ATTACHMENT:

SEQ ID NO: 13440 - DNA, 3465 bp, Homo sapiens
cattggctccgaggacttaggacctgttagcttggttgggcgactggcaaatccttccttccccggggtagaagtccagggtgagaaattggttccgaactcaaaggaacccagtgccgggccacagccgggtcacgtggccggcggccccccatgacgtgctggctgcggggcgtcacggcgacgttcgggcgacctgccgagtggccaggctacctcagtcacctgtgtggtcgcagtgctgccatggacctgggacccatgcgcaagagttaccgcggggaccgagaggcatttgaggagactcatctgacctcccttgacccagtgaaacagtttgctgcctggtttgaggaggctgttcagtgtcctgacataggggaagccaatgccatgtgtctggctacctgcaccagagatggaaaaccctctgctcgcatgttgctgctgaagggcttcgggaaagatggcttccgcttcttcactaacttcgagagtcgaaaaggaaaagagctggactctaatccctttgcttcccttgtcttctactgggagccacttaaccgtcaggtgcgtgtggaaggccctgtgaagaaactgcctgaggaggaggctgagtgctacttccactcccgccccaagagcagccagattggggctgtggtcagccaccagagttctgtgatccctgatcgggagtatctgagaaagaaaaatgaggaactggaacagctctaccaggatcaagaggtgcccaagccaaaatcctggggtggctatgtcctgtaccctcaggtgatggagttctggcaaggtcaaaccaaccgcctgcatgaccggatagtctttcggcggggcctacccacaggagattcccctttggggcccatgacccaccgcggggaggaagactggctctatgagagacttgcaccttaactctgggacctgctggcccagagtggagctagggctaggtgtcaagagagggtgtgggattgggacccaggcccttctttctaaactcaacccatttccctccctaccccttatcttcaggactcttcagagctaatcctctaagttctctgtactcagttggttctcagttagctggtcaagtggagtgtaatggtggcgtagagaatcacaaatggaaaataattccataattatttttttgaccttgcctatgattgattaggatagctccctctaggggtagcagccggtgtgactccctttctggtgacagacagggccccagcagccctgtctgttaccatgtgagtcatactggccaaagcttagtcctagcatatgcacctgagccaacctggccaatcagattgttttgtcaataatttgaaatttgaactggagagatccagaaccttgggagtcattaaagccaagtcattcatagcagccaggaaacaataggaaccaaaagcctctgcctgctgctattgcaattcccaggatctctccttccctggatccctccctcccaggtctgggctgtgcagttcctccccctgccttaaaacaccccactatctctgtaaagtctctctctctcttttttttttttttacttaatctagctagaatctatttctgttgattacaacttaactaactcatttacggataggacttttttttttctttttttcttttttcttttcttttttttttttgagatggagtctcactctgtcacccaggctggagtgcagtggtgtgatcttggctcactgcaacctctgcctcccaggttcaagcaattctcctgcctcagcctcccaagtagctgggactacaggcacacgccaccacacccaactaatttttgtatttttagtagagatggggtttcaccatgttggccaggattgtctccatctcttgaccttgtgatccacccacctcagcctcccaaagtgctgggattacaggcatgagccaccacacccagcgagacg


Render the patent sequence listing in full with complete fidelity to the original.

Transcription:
SEQ ID NO: 13440 - DNA, 3465 bp, Homo sapiens
cattggctccgaggacttaggacctgttagcttggttgggcgactggcaaatccttccttccccggggtagaagtccagggtgagaaattggttccgaactcaaaggaacccagtgccgggccacagccgggtcacgtggccggcggccccccatgacgtgctggctgcggggcgtcacggcgacgttcgggcgacctgccgagtggccaggctacctcagtcacctgtgtggtcgcagtgctgccatggacctgggacccatgcgcaagagttaccgcggggaccgagaggcatttgaggagactcatctgacctcccttgacccagtgaaacagtttgctgcctggtttgaggaggctgttcagtgtcctgacataggggaagccaatgccatgtgtctggctacctgcaccagagatggaaaaccctctgctcgcatgttgctgctgaagggcttcgggaaagatggcttccgcttcttcactaacttcgagagtcgaaaaggaaaagagctggactctaatccctttgcttcccttgtcttctactgggagccacttaaccgtcaggtgcgtgtggaaggccctgtgaagaaactgcctgaggaggaggctgagtgctacttccactcccgccccaagagcagccagattggggctgtggtcagccaccagagttctgtgatccctgatcgggagtatctgagaaagaaaaatgaggaactggaacagctctaccaggatcaagaggtgcccaagccaaaatcctggggtggctatgtcctgtaccctcaggtgatggagttctggcaaggtcaaaccaaccgcctgcatgaccggatagtctttcggcggggcctacccacaggagattcccctttggggcccatgacccaccgcggggaggaagactggctctatgagagacttgcaccttaactctgggacctgctggcccagagtggagctagggctaggtgtcaagagagggtgtgggattgggacccaggcccttctttctaaactcaacccatttccctccctaccccttatcttcaggactcttcagagctaatcctctaagttctctgtactcagttggttctcagttagctggtcaagtggagtgtaatggtggcgtagagaatcacaaatggaaaataattccataattatttttttgaccttgcctatgattgattaggatagctccctctaggggtagcagccggtgtgactccctttctggtgacagacagggccccagcagccctgtctgttaccatgtgagtcatactggccaaagcttagtcctagcatatgcacctgagccaacctggccaatcagattgttttgtcaataatttgaaatttgaactggagagatccagaaccttgggagtcattaaagccaagtcattcatagcagccaggaaacaataggaaccaaaagcctctgcctgctgctattgcaattcccaggatctctccttccctggatccctccctcccaggtctgggctgtgcagttcctccccctgccttaaaacaccccactatctctgtaaagtctctctctctcttttttttttttttacttaatctagctagaatctatttctgttgattacaacttaactaactcatttacggataggacttttttttttctttttttcttttttcttttcttttttttttttgagatggagtctcactctgtcacccaggctggagtgcagtggtgtgatcttggctcactgcaacctctgcctcccaggttcaagcaattctcctgcctcagcctcccaagtagctgggactacaggcacacgccaccacacccaactaatttttgtatttttagtagagatggggtttcaccatgttggccaggattgtctccatctcttgaccttgtgatccacccacctcagcctcccaaagtgctgggattacaggcatgagccaccacacccagcgagacg